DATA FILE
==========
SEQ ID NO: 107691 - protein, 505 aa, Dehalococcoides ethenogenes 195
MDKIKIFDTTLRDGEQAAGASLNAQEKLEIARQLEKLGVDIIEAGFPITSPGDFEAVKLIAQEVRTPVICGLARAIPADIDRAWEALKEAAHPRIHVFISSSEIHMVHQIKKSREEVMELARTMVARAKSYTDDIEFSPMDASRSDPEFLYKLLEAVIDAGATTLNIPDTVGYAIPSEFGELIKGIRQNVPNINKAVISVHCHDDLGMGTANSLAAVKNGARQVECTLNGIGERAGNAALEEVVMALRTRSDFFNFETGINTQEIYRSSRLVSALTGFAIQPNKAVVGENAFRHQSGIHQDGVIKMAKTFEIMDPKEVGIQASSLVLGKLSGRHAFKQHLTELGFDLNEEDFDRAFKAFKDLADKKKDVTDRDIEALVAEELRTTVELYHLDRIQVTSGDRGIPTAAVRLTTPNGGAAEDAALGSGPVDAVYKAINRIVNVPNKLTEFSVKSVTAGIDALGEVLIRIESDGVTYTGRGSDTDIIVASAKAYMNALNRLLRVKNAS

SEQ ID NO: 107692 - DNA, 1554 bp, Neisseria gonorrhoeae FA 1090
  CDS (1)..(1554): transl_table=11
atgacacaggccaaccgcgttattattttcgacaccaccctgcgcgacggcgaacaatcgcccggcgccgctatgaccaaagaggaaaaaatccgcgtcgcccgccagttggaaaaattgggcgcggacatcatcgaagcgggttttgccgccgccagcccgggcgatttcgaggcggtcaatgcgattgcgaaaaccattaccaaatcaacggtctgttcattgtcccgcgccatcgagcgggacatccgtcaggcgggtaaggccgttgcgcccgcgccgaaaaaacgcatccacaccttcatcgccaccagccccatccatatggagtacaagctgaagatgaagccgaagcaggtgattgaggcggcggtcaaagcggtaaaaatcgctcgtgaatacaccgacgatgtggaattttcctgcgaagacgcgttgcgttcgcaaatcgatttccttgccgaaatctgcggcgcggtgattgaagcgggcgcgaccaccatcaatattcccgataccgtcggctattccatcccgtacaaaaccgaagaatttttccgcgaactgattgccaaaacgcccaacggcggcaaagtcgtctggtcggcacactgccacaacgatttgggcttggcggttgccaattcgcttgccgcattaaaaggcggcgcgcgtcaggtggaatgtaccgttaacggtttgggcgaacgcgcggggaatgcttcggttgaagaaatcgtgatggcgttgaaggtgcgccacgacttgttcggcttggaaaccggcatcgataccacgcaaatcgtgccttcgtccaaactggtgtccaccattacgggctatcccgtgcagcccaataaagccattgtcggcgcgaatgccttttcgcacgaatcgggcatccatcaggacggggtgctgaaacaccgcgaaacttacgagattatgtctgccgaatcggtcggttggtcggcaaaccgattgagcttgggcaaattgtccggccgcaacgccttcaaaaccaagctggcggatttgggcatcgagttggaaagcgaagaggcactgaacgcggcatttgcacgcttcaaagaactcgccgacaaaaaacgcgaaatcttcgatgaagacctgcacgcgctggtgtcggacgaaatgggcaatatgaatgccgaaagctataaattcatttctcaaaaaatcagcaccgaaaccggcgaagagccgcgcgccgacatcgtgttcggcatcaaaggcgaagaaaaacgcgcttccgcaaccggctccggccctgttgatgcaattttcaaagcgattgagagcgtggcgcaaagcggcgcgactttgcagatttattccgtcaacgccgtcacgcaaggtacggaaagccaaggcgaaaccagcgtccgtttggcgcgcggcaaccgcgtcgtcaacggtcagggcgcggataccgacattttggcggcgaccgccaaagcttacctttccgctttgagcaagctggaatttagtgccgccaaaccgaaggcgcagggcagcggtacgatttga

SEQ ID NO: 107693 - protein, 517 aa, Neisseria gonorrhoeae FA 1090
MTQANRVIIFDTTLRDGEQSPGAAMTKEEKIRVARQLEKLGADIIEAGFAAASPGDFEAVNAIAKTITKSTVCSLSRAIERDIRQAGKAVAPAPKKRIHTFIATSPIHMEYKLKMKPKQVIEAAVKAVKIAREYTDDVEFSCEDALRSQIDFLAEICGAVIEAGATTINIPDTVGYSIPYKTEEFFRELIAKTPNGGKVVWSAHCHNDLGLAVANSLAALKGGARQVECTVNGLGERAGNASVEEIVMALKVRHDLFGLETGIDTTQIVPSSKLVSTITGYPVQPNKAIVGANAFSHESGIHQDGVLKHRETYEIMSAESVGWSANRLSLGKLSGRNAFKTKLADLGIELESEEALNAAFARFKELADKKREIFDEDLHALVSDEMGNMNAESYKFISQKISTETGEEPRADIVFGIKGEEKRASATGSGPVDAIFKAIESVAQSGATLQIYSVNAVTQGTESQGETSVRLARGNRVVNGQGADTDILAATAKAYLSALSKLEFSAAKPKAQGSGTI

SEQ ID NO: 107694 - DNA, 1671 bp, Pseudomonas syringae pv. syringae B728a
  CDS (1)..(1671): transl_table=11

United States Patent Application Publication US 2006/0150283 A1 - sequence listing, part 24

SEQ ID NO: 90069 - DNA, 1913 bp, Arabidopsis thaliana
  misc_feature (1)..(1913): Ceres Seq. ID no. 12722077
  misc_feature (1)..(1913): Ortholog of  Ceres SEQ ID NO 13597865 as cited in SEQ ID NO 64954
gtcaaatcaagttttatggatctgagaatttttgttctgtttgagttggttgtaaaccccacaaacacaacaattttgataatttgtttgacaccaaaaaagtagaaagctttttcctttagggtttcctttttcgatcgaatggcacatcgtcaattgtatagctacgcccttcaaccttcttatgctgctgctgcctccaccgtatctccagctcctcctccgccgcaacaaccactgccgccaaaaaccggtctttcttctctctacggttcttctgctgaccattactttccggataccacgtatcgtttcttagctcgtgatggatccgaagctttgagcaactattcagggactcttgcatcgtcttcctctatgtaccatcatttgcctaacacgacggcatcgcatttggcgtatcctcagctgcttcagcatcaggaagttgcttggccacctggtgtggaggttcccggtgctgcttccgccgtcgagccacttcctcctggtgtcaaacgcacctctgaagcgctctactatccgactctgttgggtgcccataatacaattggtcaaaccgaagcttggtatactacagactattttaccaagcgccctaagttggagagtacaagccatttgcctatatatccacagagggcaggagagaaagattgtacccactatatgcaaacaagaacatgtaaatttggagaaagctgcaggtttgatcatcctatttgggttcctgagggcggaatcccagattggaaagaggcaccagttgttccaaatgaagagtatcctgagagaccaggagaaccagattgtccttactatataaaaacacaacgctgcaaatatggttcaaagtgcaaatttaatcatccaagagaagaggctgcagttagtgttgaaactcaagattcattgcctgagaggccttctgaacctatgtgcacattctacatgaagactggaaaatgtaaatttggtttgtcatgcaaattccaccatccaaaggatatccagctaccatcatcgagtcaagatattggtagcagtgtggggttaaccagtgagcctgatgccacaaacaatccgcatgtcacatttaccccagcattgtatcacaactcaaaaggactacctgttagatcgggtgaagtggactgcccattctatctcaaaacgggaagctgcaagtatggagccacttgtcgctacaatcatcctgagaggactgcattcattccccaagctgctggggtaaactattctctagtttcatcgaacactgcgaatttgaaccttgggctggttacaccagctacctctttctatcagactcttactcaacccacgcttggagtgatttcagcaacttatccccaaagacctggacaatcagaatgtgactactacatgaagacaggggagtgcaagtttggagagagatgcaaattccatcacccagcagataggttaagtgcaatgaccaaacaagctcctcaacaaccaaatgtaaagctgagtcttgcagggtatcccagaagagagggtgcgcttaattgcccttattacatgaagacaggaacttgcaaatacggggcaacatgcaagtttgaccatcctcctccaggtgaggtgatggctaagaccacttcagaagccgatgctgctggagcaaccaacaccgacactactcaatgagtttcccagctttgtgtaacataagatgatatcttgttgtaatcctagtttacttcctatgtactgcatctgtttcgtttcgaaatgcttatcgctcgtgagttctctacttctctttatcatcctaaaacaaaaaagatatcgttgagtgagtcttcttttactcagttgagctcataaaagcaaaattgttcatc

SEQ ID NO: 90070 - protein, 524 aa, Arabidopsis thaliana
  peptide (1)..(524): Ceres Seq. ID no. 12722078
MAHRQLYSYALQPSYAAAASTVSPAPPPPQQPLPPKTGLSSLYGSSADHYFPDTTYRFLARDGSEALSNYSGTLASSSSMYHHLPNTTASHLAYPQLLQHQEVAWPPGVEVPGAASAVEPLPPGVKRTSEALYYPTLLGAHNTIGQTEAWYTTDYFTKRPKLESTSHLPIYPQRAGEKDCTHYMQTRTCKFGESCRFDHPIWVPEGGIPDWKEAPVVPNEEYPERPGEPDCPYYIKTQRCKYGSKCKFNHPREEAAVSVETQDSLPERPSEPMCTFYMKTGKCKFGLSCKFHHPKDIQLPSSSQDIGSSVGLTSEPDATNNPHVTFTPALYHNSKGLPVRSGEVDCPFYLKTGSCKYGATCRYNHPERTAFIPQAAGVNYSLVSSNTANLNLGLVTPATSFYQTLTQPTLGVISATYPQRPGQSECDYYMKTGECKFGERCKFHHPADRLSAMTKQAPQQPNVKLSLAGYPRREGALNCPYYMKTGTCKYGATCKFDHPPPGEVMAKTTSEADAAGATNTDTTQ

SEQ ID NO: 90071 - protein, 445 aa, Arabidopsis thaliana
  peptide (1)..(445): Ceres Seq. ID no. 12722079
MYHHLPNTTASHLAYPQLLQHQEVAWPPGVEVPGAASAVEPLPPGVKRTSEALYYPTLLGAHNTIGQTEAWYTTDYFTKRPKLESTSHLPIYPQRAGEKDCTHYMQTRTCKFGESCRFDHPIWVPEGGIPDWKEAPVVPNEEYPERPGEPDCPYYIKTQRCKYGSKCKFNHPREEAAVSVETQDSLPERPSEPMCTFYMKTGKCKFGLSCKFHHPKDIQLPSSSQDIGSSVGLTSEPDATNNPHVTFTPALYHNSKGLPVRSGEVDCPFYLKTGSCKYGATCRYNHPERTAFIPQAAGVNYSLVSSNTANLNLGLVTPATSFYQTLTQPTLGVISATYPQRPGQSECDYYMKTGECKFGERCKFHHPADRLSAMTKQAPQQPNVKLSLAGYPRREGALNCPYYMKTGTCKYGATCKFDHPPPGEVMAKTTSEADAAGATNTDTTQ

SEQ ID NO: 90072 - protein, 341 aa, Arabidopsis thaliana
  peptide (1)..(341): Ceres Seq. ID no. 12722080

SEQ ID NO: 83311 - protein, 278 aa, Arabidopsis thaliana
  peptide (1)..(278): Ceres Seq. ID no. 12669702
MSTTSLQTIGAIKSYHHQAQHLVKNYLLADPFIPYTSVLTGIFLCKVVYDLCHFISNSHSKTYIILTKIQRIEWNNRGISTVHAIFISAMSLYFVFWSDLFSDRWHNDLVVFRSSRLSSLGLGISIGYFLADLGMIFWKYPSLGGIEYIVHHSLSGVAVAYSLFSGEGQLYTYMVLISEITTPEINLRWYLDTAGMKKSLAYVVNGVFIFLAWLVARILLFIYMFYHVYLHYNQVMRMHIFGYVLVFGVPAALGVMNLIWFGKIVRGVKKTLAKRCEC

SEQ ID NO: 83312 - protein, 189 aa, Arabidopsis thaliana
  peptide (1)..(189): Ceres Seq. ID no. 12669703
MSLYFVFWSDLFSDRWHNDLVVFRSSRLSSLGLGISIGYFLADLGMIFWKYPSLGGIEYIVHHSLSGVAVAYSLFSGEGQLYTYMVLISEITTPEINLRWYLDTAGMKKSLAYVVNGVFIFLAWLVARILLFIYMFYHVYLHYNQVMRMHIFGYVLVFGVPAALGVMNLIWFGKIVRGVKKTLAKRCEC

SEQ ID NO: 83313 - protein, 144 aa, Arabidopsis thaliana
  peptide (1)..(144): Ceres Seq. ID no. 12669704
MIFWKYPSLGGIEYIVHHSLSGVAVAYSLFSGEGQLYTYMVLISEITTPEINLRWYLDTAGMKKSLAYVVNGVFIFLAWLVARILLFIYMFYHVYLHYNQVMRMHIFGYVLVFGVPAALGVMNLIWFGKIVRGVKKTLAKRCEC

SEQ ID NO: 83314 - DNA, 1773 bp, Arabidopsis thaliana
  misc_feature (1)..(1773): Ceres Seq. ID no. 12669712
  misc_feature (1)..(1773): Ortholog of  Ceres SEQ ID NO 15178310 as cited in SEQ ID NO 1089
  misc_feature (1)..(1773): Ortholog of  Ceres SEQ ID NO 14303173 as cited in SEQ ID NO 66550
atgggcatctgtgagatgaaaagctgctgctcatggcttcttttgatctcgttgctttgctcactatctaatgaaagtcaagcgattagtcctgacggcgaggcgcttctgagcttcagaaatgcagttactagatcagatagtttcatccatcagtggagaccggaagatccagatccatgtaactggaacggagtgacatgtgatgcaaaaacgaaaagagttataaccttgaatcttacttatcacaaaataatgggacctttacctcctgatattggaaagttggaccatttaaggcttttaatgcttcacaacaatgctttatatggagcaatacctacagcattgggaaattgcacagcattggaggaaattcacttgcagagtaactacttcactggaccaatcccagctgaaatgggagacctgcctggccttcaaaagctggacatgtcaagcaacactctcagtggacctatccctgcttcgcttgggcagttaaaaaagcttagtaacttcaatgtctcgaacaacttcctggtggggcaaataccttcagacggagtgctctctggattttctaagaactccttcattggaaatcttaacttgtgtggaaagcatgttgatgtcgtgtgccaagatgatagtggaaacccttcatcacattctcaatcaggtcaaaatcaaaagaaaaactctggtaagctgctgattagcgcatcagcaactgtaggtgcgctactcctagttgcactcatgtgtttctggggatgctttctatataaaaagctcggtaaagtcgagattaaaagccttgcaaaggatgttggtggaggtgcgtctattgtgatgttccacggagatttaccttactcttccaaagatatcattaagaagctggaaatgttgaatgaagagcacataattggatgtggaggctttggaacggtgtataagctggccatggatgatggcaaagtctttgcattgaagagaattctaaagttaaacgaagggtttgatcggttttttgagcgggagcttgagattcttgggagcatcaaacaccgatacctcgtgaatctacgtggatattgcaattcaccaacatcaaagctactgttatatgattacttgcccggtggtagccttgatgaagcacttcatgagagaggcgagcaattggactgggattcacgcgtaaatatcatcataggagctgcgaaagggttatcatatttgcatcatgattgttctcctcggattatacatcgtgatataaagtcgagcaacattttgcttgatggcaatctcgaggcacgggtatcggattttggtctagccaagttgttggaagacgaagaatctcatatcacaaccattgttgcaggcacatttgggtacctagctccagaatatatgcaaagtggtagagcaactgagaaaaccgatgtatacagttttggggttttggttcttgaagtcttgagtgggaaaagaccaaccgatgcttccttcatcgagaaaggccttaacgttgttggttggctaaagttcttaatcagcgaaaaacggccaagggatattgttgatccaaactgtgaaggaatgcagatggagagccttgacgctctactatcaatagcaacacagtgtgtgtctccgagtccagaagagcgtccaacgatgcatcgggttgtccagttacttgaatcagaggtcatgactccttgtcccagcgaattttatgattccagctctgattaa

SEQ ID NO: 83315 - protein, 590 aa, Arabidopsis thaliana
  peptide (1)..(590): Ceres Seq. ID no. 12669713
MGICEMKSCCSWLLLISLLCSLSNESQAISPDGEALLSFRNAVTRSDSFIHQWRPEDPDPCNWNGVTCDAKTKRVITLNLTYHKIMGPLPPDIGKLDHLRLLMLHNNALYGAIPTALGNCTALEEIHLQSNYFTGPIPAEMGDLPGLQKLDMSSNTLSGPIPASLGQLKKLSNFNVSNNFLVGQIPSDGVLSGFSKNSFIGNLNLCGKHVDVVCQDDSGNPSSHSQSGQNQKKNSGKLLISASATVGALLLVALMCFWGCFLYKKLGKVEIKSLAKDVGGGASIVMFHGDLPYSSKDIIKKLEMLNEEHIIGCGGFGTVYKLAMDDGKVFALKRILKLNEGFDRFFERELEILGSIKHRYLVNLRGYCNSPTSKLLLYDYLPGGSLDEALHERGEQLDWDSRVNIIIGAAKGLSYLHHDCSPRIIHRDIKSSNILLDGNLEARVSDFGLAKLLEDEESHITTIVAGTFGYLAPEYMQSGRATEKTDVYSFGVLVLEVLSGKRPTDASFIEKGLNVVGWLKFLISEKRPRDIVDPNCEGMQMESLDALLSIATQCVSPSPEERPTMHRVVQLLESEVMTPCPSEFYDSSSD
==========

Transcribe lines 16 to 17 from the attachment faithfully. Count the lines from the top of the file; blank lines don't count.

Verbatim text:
  peptide (1)..(524): Ceres Seq. ID no. 12722078
MAHRQLYSYALQPSYAAAASTVSPAPPPPQQPLPPKTGLSSLYGSSADHYFPDTTYRFLARDGSEALSNYSGTLASSSSMYHHLPNTTASHLAYPQLLQHQEVAWPPGVEVPGAASAVEPLPPGVKRTSEALYYPTLLGAHNTIGQTEAWYTTDYFTKRPKLESTSHLPIYPQRAGEKDCTHYMQTRTCKFGESCRFDHPIWVPEGGIPDWKEAPVVPNEEYPERPGEPDCPYYIKTQRCKYGSKCKFNHPREEAAVSVETQDSLPERPSEPMCTFYMKTGKCKFGLSCKFHHPKDIQLPSSSQDIGSSVGLTSEPDATNNPHVTFTPALYHNSKGLPVRSGEVDCPFYLKTGSCKYGATCRYNHPERTAFIPQAAGVNYSLVSSNTANLNLGLVTPATSFYQTLTQPTLGVISATYPQRPGQSECDYYMKTGECKFGERCKFHHPADRLSAMTKQAPQQPNVKLSLAGYPRREGALNCPYYMKTGTCKYGATCKFDHPPPGEVMAKTTSEADAAGATNTDTTQ